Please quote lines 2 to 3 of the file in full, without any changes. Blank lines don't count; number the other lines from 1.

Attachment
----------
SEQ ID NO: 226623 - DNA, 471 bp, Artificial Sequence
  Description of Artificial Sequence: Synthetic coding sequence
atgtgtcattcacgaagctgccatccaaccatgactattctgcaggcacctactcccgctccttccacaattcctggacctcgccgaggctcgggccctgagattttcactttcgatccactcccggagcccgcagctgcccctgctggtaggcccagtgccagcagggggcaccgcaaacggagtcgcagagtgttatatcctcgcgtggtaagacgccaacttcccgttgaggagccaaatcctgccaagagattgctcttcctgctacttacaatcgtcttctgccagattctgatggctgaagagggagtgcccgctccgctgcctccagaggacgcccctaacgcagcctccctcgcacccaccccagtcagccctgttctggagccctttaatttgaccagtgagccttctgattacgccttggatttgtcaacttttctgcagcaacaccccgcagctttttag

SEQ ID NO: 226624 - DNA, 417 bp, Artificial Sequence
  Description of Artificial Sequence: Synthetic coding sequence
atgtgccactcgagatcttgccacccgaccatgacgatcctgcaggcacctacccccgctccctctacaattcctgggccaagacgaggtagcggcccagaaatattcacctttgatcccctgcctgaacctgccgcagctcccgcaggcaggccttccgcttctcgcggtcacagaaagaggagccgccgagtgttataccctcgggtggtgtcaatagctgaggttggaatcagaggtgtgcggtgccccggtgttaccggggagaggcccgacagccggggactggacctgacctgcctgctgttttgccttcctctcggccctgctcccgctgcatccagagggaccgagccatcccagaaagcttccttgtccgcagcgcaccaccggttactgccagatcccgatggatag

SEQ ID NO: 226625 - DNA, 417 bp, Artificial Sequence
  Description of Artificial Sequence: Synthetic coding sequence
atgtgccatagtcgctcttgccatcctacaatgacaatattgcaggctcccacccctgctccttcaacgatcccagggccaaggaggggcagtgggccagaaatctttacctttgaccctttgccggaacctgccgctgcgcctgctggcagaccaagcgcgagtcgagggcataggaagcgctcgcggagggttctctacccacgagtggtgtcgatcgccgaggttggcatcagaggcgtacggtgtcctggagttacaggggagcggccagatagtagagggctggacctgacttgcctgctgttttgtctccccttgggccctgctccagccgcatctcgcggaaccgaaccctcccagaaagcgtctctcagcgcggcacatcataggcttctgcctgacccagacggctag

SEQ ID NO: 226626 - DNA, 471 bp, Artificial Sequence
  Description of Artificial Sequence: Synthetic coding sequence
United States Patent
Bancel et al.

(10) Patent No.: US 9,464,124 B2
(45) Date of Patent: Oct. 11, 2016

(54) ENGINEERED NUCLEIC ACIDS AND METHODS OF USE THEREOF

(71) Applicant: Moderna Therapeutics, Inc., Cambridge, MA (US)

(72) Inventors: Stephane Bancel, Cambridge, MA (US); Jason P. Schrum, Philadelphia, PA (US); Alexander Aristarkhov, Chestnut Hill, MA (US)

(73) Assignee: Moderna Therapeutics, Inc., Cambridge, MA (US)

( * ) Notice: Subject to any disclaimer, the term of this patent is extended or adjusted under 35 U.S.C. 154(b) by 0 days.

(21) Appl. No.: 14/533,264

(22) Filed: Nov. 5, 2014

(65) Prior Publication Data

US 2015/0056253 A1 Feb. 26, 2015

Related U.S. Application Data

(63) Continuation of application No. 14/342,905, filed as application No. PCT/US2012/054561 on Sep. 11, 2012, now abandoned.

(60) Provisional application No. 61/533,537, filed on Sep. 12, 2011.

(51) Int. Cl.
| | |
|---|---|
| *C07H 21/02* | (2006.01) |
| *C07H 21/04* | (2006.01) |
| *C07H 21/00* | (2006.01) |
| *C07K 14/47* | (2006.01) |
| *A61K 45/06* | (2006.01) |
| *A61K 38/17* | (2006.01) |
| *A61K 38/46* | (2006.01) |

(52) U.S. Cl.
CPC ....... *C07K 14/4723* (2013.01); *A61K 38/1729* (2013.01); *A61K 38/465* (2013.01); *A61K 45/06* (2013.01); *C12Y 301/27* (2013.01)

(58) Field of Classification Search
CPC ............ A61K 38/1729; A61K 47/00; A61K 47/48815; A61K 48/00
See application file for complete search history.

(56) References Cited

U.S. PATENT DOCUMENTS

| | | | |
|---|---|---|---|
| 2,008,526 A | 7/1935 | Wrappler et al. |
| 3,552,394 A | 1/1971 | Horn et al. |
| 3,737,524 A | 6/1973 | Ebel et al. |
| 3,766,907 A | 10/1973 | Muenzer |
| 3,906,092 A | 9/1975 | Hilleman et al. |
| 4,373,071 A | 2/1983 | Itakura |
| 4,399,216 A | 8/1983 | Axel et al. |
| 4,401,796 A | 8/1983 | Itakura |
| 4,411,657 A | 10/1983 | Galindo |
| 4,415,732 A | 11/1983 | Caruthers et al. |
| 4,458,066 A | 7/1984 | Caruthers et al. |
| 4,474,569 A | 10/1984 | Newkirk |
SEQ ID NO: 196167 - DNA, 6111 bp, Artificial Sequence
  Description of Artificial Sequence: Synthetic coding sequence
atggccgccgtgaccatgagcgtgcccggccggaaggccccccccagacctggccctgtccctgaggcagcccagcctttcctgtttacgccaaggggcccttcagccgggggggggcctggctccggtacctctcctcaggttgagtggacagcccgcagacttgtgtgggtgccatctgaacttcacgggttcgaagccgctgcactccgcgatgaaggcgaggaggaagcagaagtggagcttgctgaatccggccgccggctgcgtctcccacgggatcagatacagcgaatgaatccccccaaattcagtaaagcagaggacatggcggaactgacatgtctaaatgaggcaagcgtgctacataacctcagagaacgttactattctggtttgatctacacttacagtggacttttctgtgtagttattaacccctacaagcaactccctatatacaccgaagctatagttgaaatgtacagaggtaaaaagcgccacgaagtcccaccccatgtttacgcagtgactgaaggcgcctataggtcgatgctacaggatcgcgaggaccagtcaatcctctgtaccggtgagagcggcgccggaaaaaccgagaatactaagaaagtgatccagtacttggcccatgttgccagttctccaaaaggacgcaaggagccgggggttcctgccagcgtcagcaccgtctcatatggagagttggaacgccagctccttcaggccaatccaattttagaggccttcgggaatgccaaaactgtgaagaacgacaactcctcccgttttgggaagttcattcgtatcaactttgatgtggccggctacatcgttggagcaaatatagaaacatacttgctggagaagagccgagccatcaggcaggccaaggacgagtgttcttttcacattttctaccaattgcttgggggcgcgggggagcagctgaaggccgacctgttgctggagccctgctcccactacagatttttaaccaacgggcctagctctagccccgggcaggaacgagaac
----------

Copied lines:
  Description of Artificial Sequence: Synthetic coding sequence
atgtgtcattcacgaagctgccatccaaccatgactattctgcaggcacctactcccgctccttccacaattcctggacctcgccgaggctcgggccctgagattttcactttcgatccactcccggagcccgcagctgcccctgctggtaggcccagtgccagcagggggcaccgcaaacggagtcgcagagtgttatatcctcgcgtggtaagacgccaacttcccgttgaggagccaaatcctgccaagagattgctcttcctgctacttacaatcgtcttctgccagattctgatggctgaagagggagtgcccgctccgctgcctccagaggacgcccctaacgcagcctccctcgcacccaccccagtcagccctgttctggagccctttaatttgaccagtgagccttctgattacgccttggatttgtcaacttttctgcagcaacaccccgcagctttttag